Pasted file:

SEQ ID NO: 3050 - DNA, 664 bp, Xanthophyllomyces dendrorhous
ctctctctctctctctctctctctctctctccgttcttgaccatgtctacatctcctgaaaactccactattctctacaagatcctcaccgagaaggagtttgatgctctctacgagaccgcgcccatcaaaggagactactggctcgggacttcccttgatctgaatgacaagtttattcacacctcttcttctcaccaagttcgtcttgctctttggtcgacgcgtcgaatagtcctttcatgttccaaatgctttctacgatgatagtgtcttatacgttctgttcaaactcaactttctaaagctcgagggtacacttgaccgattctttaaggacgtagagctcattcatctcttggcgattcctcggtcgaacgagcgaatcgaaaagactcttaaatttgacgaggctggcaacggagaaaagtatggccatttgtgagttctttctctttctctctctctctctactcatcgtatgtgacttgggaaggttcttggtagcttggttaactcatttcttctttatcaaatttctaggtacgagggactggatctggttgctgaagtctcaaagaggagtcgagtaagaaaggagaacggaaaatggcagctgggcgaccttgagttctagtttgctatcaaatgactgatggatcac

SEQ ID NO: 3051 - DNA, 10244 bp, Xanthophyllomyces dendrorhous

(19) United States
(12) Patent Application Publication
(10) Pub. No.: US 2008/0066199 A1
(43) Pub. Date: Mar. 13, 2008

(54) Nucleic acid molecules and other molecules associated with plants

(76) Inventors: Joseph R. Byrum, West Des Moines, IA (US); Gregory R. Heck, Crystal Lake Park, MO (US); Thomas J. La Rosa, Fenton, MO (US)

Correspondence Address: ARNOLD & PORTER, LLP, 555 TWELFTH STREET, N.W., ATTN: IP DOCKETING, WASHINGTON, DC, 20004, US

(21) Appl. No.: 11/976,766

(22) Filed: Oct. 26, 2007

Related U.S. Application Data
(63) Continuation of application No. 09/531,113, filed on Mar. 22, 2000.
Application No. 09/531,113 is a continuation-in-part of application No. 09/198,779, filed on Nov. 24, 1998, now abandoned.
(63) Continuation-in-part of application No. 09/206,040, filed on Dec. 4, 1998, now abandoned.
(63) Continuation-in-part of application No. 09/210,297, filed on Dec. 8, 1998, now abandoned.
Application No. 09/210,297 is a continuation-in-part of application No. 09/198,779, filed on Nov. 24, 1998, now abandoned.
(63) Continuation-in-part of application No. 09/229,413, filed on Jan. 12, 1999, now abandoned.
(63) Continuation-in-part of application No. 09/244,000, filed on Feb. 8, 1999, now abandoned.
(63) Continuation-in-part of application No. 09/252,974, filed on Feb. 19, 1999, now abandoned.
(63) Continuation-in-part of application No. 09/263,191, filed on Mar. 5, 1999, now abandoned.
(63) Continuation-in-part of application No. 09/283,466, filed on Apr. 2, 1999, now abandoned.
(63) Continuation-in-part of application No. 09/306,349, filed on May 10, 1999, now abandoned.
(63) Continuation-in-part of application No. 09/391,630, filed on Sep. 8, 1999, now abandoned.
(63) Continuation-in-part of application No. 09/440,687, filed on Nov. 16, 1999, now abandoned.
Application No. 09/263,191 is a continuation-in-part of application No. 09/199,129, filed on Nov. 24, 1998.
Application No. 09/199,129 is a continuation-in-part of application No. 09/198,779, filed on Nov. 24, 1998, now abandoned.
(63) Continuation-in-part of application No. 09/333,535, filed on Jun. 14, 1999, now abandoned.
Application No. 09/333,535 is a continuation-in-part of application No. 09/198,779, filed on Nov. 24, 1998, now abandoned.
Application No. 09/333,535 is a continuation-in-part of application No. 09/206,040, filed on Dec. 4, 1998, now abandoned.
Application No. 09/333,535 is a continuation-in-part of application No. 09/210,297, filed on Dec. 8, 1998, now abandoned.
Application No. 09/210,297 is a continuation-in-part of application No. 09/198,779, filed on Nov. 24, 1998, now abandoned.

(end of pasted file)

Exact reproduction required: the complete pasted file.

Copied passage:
SEQ ID NO: 3050 - DNA, 664 bp, Xanthophyllomyces dendrorhous
ctctctctctctctctctctctctctctctccgttcttgaccatgtctacatctcctgaaaactccactattctctacaagatcctcaccgagaaggagtttgatgctctctacgagaccgcgcccatcaaaggagactactggctcgggacttcccttgatctgaatgacaagtttattcacacctcttcttctcaccaagttcgtcttgctctttggtcgacgcgtcgaatagtcctttcatgttccaaatgctttctacgatgatagtgtcttatacgttctgttcaaactcaactttctaaagctcgagggtacacttgaccgattctttaaggacgtagagctcattcatctcttggcgattcctcggtcgaacgagcgaatcgaaaagactcttaaatttgacgaggctggcaacggagaaaagtatggccatttgtgagttctttctctttctctctctctctctactcatcgtatgtgacttgggaaggttcttggtagcttggttaactcatttcttctttatcaaatttctaggtacgagggactggatctggttgctgaagtctcaaagaggagtcgagtaagaaaggagaacggaaaatggcagctgggcgaccttgagttctagtttgctatcaaatgactgatggatcac

SEQ ID NO: 3051 - DNA, 10244 bp, Xanthophyllomyces dendrorhous

(19) United States
(12) Patent Application Publication
(10) Pub. No.: US 2008/0066199 A1
(43) Pub. Date: Mar. 13, 2008

(54) Nucleic acid molecules and other molecules associated with plants

(76) Inventors: Joseph R. Byrum, West Des Moines, IA (US); Gregory R. Heck, Crystal Lake Park, MO (US); Thomas J. La Rosa, Fenton, MO (US)

Correspondence Address: ARNOLD & PORTER, LLP, 555 TWELFTH STREET, N.W., ATTN: IP DOCKETING, WASHINGTON, DC, 20004, US

(21) Appl. No.: 11/976,766

(22) Filed: Oct. 26, 2007

Related U.S. Application Data
(63) Continuation of application No. 09/531,113, filed on Mar. 22, 2000.
Application No. 09/531,113 is a continuation-in-part of application No. 09/198,779, filed on Nov. 24, 1998, now abandoned.
(63) Continuation-in-part of application No. 09/206,040, filed on Dec. 4, 1998, now abandoned.
(63) Continuation-in-part of application No. 09/210,297, filed on Dec. 8, 1998, now abandoned.
Application No. 09/210,297 is a continuation-in-part of application No. 09/198,779, filed on Nov. 24, 1998, now abandoned.
(63) Continuation-in-part of application No. 09/229,413, filed on Jan. 12, 1999, now abandoned.
(63) Continuation-in-part of application No. 09/244,000, filed on Feb. 8, 1999, now abandoned.
(63) Continuation-in-part of application No. 09/252,974, filed on Feb. 19, 1999, now abandoned.
(63) Continuation-in-part of application No. 09/263,191, filed on Mar. 5, 1999, now abandoned.
(63) Continuation-in-part of application No. 09/283,466, filed on Apr. 2, 1999, now abandoned.
(63) Continuation-in-part of application No. 09/306,349, filed on May 10, 1999, now abandoned.
(63) Continuation-in-part of application No. 09/391,630, filed on Sep. 8, 1999, now abandoned.
(63) Continuation-in-part of application No. 09/440,687, filed on Nov. 16, 1999, now abandoned.
Application No. 09/263,191 is a continuation-in-part of application No. 09/199,129, filed on Nov. 24, 1998.
Application No. 09/199,129 is a continuation-in-part of application No. 09/198,779, filed on Nov. 24, 1998, now abandoned.
(63) Continuation-in-part of application No. 09/333,535, filed on Jun. 14, 1999, now abandoned.
Application No. 09/333,535 is a continuation-in-part of application No. 09/198,779, filed on Nov. 24, 1998, now abandoned.
Application No. 09/333,535 is a continuation-in-part of application No. 09/206,040, filed on Dec. 4, 1998, now abandoned.
Application No. 09/333,535 is a continuation-in-part of application No. 09/210,297, filed on Dec. 8, 1998, now abandoned.
Application No. 09/210,297 is a continuation-in-part of application No. 09/198,779, filed on Nov. 24, 1998, now abandoned.